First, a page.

To mark the occasion, a special community picnic is being held at Morialta this Sunday, 8 November. Guided walks and face-painting will keep the family entertained and a selection of historical images will be auctioned on the day.
The images showcase the history of this much loved South Australian park and celebrate the important role it continues to play in the community.
Most kids growing up in Adelaide would be familiar with Morialta Conservation Park. The family would be packed into the mustard coloured Kingswood or 180B with a picnic lunch and advised to wear ‘sensible shoes’.
Before you knew it, you had left the suburbs and were in the middle of a deep gorge surrounded by insect noises and having flashbacks to when your parents forced you to watch Picnic at Hanging Rock. Only this was more fun. And with lunch not far away, there was more of a plot line too.
For those of us who remember that far back, it may seem like a hundred years ago. Which is a nice coincidence, considering we are now celebrating the centenary.
Three things we didn’t know as kids:
- Morialta derives its name from a Kaurna word ‘Moriatta’ meaning ‘ever flowing’ or ‘running water’
- local pastoralists John Baker and John Smith Reid donated the land for use as a national reserve in the early 1900s
- Morialta was declared a ‘National Pleasure Resort’ in 1915.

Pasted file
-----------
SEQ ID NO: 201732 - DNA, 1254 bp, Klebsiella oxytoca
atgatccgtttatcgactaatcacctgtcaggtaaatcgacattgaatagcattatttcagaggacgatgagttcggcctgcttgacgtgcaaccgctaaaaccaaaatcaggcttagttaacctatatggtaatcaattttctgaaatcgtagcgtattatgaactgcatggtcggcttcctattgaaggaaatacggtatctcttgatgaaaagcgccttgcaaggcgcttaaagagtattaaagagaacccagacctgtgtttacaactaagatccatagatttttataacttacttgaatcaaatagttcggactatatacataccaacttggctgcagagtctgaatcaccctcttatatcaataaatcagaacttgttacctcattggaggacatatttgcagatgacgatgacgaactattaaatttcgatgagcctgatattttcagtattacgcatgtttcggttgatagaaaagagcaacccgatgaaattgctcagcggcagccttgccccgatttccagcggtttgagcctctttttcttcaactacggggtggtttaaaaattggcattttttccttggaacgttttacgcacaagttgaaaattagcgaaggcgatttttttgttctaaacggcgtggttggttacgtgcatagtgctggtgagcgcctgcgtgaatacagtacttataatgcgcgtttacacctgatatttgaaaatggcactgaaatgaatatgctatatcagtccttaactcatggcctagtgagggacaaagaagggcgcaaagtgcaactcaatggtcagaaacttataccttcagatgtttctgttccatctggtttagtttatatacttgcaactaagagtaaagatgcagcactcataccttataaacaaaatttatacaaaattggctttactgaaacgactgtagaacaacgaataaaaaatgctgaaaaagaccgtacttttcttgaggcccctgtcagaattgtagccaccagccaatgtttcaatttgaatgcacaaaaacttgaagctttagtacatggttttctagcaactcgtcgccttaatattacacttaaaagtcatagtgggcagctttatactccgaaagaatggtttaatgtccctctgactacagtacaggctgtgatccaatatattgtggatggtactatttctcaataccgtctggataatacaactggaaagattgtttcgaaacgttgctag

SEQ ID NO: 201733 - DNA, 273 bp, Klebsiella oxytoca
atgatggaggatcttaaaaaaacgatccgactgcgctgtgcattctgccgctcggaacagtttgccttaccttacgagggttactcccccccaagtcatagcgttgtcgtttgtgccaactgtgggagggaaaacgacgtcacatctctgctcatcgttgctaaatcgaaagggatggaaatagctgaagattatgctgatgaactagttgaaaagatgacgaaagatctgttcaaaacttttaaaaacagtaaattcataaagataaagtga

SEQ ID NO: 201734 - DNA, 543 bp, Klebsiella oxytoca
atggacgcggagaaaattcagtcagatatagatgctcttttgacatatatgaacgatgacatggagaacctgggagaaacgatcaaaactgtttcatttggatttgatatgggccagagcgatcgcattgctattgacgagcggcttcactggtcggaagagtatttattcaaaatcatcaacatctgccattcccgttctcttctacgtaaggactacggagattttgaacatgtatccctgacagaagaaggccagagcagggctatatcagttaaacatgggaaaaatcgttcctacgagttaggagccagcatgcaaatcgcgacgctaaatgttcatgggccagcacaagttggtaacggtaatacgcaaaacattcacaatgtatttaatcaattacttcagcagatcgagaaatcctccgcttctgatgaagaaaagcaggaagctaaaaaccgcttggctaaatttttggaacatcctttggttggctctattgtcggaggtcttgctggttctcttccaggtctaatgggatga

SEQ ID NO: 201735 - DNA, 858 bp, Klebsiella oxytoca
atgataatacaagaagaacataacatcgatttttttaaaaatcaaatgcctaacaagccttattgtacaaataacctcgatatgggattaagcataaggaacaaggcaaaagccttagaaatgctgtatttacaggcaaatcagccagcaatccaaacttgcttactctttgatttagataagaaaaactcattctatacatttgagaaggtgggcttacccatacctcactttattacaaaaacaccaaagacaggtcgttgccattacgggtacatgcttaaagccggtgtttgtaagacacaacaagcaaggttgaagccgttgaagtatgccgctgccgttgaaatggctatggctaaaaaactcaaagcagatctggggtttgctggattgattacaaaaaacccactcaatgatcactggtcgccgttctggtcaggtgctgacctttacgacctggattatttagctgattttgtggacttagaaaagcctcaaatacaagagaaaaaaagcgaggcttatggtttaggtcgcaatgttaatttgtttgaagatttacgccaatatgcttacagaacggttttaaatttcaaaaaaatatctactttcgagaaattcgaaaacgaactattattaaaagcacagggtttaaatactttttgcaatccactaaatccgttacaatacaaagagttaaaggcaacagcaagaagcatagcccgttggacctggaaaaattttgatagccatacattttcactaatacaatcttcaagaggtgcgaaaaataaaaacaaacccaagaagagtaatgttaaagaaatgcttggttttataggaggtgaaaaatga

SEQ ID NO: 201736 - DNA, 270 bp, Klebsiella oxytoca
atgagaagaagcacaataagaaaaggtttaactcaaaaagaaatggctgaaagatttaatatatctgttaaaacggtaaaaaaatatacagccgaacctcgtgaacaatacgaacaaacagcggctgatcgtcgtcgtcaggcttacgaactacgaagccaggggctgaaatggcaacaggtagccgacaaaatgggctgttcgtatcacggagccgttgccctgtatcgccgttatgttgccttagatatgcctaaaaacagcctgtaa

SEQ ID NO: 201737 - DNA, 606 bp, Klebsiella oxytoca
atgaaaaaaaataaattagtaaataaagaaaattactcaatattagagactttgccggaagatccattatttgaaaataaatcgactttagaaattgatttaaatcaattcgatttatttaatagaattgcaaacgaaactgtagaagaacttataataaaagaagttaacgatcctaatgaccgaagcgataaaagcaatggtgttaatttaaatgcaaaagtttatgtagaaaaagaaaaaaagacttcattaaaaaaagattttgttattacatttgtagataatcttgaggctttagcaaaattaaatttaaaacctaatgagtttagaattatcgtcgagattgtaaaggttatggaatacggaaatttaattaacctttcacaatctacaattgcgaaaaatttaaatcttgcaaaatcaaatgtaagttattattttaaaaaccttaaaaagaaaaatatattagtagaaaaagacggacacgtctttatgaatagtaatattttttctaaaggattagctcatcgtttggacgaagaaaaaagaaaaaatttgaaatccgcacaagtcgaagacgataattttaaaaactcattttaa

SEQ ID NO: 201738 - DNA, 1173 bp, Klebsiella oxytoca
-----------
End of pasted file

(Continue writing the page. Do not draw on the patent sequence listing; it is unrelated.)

The three waterfalls along Morialta Gorge are named First, Second and Third Falls respectively. The creek along the base of the gorge is… wait for it… Fourth Creek. Despite their utilitarian names, the Morialta Falls create a beautiful backdrop and soundtrack for a day out with family and friends.
Over the years flooding and bushfires damaged much of the original work on the park. Flooding in 1980 and again in 2005 caused damage to paths and walkways. But the park has always recovered and is alive with bushwalkers, rock-climbers, sightseers and picnic parties just as it’s been for as long as we can remember.
What are your favourite memories of Morialta Conservation Park? Tell us in the comments below.
While in Adelaide for the 1920 Peace Exhibition, Henry Mobsby was with a group of people who visited The Morialta Conservation Park near Adelaide. Henry Mobsby was the Department of Agriculture official artist and photographer. He made the first ‘cinematograph films’ of agricultural practices in Australia and was a pioneer in editing films. Source: National Library Australia with permission.